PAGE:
Bee Equipment Essentials. There is a list of essentials that every beekeeper must have if he’s to be a successful apiarist. All beekeepers get stung from time to time but every apiarist needs certain protective equipment, and some important tools as well.
The most important piece of bee equipment that any beekeeper must have is a veil. They can be made of plastic or metal screening, nylon mesh, or mosquito netting. Whatever the material, the holes in it need to be small enough so that a bee can’t get inside. The material should be of a dark colour. This dark colour keeps reflection at a minimum, which allows the beekeeper to see better. Sometimes veils come attached to hats or helmets or sometimes they are made to be fitted over a wide brimmed hat which keeps the mesh away from the beekeepers face. This is a good idea as it keeps bees off the face. A hat or helmet is another must. It doesn’t really matter if it’s plastic or heavy cloth, as long as it covers the head and will either go over or accommodate a veil.
Gloves are another must have piece of bee equipment. There are various kinds of beekeeping gloves available and each beekeeper will figure out which one works best for him. Gloves come in leather and various cloths. Bees usually can’t sting through leather as it’s tough and their stingers are short. Leather gloves can limit a beekeeper’s dexterity, though, so sometimes a heavy cloth glove is the best choice. Whatever the choice, the gloves should either reach the beekeepers elbow so as to cover a lot of the arm, or they can be wrapped around the wrist with duct tape. Nobody wants a bee in their glove!
Beekeepers also need protective clothing. It should be light coloured as bees are not attracted to light colours. It should cover all parts of the body that aren’t covered and should be secured around the ankles and around the wrists. There are special “bee suits” available that novice apiarists might want to purchase. More seasoned veterans often wear heavy flannel shirts (it’s difficult for a bee’s stinger to penetrate heavy flannel) over jeans or overalls. It stands to reason that a beekeepers feet and ankles should be well covered!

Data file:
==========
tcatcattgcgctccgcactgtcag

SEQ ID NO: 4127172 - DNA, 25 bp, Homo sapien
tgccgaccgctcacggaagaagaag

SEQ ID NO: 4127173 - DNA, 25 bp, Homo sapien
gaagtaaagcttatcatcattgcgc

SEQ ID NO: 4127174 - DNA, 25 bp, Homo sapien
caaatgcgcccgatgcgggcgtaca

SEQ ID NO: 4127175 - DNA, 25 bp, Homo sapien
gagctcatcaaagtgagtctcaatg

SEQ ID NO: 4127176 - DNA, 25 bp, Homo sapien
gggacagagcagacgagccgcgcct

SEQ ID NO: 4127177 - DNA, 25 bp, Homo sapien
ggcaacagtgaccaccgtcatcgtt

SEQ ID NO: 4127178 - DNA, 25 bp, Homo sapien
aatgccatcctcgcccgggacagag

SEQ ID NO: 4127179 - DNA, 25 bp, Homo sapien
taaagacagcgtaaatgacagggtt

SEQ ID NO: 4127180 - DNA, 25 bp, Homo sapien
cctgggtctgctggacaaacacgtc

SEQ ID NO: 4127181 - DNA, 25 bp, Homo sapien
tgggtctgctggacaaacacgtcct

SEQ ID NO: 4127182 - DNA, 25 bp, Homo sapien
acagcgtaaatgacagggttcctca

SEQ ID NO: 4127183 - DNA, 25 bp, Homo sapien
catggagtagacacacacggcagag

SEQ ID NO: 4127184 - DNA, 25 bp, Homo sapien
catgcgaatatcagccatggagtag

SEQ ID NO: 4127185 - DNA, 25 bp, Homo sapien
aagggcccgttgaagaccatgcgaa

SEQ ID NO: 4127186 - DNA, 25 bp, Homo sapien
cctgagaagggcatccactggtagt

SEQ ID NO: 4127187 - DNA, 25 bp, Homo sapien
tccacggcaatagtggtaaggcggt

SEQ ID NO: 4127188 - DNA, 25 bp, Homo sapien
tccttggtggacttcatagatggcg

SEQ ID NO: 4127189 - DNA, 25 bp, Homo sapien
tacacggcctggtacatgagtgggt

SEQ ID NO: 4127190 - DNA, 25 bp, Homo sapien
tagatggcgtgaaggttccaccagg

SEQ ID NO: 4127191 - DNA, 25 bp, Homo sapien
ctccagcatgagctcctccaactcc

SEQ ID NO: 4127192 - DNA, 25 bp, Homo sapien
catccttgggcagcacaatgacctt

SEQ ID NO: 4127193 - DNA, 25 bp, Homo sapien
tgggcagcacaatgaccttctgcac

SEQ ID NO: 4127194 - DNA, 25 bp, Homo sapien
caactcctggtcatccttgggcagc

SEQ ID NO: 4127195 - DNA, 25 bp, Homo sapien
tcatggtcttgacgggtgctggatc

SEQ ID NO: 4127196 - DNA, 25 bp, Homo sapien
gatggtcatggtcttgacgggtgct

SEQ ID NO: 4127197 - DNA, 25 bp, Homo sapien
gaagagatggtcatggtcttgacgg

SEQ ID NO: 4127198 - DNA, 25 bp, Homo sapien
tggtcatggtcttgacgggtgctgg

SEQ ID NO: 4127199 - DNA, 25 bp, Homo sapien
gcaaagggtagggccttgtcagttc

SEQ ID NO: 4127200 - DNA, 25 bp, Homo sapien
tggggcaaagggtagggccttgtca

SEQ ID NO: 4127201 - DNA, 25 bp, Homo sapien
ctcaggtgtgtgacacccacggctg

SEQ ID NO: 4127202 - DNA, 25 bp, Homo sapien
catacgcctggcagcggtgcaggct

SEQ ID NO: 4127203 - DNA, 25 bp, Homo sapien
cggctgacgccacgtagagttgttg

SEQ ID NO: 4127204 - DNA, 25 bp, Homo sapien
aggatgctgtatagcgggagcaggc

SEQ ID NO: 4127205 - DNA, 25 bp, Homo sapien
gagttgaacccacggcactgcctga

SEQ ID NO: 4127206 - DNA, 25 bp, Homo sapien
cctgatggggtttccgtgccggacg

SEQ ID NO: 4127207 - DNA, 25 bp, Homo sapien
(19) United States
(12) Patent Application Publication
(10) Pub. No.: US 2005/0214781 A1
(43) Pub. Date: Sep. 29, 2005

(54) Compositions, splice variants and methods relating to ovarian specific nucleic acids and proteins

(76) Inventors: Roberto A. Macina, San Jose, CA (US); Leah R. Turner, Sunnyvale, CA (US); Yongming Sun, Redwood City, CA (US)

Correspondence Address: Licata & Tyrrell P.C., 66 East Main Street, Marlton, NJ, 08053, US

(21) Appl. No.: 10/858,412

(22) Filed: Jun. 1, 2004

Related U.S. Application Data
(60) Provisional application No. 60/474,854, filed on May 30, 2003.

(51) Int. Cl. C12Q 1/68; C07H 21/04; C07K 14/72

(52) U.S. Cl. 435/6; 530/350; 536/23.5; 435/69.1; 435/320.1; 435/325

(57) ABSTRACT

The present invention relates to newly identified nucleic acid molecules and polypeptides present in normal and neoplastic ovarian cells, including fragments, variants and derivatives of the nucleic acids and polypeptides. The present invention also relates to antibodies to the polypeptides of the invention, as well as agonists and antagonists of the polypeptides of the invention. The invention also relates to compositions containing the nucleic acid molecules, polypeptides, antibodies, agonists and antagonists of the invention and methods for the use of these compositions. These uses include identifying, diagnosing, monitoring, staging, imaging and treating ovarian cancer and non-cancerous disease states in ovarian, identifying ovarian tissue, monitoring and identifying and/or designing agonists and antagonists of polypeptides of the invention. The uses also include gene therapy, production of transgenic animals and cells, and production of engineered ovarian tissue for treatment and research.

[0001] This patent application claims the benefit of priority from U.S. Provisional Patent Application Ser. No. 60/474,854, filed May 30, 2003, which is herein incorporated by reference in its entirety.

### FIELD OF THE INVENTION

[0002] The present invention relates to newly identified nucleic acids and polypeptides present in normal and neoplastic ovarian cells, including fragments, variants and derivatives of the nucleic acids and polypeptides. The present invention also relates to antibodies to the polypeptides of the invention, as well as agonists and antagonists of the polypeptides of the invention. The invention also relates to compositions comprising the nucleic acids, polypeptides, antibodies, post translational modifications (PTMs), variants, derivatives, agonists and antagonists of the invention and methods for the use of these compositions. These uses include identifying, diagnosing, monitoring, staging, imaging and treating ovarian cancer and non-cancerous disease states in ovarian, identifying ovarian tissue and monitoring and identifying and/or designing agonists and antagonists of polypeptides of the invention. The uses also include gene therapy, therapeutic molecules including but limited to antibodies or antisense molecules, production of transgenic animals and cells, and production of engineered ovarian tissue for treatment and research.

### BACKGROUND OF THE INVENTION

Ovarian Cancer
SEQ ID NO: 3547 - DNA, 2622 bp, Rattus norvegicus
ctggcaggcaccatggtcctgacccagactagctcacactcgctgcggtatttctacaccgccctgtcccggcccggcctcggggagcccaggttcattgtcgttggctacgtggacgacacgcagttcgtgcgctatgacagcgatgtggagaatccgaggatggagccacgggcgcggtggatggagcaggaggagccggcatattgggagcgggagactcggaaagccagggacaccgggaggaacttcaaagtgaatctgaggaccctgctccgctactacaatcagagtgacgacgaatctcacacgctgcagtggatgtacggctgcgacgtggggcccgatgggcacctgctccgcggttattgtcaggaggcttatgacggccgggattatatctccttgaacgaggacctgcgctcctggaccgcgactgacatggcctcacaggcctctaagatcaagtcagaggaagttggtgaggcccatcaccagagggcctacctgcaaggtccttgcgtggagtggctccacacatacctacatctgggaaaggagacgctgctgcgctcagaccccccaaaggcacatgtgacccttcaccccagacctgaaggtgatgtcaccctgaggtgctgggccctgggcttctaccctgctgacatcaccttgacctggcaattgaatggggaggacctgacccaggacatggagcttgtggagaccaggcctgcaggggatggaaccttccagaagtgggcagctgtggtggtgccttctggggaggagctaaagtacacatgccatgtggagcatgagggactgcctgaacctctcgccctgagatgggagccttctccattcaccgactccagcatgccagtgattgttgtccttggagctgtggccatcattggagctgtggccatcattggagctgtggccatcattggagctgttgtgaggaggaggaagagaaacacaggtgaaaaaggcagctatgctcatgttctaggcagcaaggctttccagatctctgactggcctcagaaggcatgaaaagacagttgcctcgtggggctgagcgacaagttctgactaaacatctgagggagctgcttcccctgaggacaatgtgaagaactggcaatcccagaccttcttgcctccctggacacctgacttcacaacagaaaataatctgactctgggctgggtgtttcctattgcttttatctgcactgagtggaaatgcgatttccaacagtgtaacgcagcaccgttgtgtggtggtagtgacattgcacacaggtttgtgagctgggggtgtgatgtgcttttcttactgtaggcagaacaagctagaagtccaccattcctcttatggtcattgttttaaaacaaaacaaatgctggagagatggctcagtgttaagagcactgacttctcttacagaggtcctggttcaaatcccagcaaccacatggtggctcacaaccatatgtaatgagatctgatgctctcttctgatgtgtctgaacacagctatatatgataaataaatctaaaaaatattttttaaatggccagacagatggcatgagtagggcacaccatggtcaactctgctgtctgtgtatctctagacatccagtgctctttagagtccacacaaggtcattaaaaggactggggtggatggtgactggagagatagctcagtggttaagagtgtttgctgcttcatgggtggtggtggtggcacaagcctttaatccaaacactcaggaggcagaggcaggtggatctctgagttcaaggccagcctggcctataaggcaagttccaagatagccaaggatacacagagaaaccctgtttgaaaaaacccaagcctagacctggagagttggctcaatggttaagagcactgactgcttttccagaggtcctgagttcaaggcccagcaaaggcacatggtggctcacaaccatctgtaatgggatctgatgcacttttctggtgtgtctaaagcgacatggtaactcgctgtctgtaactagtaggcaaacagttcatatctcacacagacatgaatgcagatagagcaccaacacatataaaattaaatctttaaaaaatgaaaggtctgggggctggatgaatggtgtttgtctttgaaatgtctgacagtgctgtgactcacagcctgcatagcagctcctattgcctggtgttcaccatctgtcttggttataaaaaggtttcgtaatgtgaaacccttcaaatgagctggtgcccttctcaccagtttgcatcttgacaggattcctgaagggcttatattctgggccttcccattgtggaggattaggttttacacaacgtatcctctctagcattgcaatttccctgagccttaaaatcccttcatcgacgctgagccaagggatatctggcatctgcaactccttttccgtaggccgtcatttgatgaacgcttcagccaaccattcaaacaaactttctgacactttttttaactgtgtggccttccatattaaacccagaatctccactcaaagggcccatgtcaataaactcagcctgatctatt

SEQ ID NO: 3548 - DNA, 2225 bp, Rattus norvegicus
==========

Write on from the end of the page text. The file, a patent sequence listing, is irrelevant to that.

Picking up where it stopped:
Every beekeeper also needs a smoker. A smoker is an essential item of bee equipment because it keeps bees docile. They are calmed by the smoke and the smoke encourages them to eat honey rather than to fly around and sting. This is probably because the bees sense that they may have to evacuate the hive due to fire in the area and need to eat the honey to take it with them. A hive should never be opened unless the beekeeper has an already lit smoker.
Beekeepers will need to either own, or have a honey extractor available. This is a piece of equipment that uses centrifugal force to pull honey out of opened combs. Extractors are expensive and it’s wise to see if there are local beekeepers who would be willing to share, or local beekeeping clubs or organizations who lend them. A beekeeper only needs an extractor for a couple of days a year so borrowing one is a great idea. Sharing the cost of bee equipment like this is a great option if you live within easy reach of other beekeepers.
Finally, beekeepers need equipment to process honey and wax. Once the honey is out of the comb it needs to be cleaned of impurities so that it can be bottled and sold. If the beekeeper plans to use or sell the wax from the combs, he will also want to have equipment to process it. These two items of bee equipment, again, could easily be borrowed or shared.
Author, Nancy Ketner has been fascinated by Bees for as long as she can remember.